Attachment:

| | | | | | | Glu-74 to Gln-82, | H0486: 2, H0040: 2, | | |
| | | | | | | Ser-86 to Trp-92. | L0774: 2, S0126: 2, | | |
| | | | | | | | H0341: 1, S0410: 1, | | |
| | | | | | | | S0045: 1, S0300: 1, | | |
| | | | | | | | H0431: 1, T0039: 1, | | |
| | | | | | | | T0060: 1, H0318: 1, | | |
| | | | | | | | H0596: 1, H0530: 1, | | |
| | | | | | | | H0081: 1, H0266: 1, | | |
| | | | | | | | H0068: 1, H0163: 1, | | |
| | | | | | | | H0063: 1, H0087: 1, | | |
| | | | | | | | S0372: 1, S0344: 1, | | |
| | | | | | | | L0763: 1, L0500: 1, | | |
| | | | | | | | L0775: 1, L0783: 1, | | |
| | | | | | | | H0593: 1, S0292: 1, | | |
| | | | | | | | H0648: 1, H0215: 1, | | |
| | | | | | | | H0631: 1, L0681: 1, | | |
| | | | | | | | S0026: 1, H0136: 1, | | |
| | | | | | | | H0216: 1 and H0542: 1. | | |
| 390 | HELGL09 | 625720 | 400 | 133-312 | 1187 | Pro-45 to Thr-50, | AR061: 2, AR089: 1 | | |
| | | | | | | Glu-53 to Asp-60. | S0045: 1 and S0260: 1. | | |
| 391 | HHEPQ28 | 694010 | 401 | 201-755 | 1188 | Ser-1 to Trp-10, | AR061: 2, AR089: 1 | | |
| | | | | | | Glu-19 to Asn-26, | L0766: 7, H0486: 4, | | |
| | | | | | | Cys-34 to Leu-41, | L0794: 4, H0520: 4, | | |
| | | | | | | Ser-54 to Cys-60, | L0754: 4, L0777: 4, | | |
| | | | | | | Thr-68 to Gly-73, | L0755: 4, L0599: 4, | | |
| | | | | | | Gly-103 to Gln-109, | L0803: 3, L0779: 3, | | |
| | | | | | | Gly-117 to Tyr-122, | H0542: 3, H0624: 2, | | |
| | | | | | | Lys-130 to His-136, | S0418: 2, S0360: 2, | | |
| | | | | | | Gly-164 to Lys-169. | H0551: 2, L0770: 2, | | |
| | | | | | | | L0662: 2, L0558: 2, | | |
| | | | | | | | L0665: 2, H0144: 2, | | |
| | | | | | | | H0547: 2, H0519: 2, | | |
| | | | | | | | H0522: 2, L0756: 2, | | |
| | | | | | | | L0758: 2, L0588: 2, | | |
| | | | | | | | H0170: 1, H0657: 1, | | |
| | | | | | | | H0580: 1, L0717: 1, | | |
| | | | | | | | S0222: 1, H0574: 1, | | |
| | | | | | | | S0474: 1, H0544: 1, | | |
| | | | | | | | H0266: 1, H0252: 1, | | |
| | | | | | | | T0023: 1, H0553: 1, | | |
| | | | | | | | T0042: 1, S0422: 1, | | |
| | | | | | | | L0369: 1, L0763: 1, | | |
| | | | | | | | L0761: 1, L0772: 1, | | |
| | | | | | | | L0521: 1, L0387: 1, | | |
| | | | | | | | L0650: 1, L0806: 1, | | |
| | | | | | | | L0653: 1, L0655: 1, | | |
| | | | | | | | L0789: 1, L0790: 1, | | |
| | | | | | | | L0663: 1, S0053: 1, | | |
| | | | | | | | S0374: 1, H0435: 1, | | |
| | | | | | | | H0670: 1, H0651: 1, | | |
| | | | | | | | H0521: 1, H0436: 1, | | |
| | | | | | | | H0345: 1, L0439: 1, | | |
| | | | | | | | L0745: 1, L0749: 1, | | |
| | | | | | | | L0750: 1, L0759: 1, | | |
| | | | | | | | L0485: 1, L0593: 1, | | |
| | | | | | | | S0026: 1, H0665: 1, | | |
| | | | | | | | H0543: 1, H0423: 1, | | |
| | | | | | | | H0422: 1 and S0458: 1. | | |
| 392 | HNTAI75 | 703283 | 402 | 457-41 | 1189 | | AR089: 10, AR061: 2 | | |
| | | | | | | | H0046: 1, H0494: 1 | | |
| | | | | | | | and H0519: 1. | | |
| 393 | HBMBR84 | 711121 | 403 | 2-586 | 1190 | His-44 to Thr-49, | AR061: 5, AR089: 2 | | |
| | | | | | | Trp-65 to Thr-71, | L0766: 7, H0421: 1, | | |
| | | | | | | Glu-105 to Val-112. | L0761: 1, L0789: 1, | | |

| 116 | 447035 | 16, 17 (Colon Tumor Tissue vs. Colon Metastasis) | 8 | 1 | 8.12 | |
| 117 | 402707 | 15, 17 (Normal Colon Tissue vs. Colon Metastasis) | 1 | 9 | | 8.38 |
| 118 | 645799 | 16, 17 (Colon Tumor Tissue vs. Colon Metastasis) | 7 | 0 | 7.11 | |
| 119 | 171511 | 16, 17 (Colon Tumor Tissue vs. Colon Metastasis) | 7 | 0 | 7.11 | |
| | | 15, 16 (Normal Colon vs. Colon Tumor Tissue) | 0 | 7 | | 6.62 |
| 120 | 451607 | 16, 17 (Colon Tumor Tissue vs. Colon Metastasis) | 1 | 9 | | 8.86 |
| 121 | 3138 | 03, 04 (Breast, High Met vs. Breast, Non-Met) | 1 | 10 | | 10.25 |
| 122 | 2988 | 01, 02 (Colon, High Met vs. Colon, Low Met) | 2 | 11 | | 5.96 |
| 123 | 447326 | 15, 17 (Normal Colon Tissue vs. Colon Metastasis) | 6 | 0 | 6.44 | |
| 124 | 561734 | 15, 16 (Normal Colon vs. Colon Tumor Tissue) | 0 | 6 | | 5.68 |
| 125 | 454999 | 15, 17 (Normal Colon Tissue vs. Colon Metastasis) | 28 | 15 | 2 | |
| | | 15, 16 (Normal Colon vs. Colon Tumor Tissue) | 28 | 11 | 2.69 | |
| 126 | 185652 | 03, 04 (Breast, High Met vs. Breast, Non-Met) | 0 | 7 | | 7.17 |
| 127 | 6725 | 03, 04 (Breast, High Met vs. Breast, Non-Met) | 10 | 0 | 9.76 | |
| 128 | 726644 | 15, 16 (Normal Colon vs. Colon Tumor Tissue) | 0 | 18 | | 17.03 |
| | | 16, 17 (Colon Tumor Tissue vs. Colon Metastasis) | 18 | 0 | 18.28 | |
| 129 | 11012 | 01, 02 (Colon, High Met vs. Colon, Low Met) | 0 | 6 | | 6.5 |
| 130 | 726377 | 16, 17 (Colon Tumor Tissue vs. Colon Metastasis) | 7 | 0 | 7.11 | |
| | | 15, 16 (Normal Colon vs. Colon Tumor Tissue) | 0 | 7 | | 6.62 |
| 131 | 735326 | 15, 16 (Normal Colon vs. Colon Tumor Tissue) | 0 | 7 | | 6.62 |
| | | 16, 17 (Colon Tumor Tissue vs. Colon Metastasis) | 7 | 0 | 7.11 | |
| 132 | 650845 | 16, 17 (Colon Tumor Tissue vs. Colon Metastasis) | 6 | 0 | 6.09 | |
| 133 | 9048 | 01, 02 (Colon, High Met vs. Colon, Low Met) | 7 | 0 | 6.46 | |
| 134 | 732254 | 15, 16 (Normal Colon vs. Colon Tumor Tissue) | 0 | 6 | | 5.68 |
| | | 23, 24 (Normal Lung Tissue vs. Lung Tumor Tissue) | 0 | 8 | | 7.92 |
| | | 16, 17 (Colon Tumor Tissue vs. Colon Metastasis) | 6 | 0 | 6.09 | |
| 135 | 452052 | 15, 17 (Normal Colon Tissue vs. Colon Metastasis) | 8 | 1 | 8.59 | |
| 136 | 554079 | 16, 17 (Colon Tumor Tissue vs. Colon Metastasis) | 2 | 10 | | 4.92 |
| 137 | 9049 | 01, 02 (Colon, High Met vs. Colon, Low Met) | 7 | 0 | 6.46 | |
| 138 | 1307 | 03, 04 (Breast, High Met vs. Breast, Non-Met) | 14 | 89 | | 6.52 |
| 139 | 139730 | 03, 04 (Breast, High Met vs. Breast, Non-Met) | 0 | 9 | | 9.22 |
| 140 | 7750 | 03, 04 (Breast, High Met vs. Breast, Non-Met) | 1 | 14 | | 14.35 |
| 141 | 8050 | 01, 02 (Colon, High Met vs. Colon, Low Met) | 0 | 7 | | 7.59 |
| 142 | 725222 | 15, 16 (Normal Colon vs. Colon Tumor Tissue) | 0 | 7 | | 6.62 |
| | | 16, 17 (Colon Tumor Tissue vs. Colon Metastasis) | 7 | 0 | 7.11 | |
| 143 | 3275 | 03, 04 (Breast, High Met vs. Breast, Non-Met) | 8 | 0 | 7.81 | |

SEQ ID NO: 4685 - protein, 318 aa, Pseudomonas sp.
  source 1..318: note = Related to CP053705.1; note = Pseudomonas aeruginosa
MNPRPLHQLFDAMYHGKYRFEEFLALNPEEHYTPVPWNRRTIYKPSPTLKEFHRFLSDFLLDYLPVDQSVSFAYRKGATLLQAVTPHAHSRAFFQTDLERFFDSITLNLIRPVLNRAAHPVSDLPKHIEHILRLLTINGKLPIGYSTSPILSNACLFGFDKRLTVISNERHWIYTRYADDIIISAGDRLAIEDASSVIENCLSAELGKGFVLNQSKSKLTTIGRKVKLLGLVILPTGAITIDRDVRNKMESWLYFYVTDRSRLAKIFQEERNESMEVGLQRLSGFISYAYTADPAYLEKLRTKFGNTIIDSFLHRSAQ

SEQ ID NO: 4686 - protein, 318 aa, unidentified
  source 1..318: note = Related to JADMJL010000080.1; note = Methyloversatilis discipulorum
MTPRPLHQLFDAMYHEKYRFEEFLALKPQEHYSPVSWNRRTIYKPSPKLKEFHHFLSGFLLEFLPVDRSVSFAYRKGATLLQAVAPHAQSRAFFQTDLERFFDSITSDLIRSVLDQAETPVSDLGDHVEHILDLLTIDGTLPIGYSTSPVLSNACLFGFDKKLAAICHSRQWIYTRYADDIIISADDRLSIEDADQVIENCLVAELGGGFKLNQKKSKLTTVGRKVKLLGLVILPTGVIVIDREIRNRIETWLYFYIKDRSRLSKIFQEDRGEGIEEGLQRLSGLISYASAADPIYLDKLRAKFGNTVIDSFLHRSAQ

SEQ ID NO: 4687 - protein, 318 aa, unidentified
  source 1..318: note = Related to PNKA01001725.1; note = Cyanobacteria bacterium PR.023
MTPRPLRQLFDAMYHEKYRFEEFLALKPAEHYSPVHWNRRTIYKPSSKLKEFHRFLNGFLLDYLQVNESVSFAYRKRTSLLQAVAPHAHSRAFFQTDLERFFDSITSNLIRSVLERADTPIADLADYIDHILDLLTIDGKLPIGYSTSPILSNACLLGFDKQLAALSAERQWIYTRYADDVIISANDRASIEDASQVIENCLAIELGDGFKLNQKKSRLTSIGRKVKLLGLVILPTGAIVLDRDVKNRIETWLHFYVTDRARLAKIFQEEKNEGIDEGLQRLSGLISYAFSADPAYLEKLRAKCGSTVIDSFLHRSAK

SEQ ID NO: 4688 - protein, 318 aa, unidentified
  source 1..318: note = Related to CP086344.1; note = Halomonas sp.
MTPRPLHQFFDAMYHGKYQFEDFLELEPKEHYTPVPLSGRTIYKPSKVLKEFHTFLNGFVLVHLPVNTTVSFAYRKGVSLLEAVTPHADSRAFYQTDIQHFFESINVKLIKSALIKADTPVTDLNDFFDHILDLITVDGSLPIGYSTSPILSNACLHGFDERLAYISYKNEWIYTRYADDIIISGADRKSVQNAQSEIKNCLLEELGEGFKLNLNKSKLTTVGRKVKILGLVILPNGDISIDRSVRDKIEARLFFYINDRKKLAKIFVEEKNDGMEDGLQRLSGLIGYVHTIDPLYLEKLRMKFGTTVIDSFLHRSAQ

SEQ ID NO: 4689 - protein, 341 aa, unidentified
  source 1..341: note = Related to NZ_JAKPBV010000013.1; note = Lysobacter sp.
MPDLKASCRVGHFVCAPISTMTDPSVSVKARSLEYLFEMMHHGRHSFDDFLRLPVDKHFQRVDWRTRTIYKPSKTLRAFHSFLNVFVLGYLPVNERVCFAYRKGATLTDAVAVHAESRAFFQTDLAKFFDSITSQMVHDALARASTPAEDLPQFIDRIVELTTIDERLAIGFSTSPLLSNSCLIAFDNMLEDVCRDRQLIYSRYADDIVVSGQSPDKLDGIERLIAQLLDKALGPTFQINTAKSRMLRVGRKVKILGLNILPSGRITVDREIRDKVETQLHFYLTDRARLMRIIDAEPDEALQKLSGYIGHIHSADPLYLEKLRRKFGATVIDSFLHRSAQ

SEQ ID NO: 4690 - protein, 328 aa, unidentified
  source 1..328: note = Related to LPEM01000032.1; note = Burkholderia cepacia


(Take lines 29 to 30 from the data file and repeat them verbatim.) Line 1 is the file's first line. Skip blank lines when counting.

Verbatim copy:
| | | | | | | Gly-164 to Lys-169. | H0551: 2, L0770: 2, | | |
| | | | | | | | L0662: 2, L0558: 2, | | |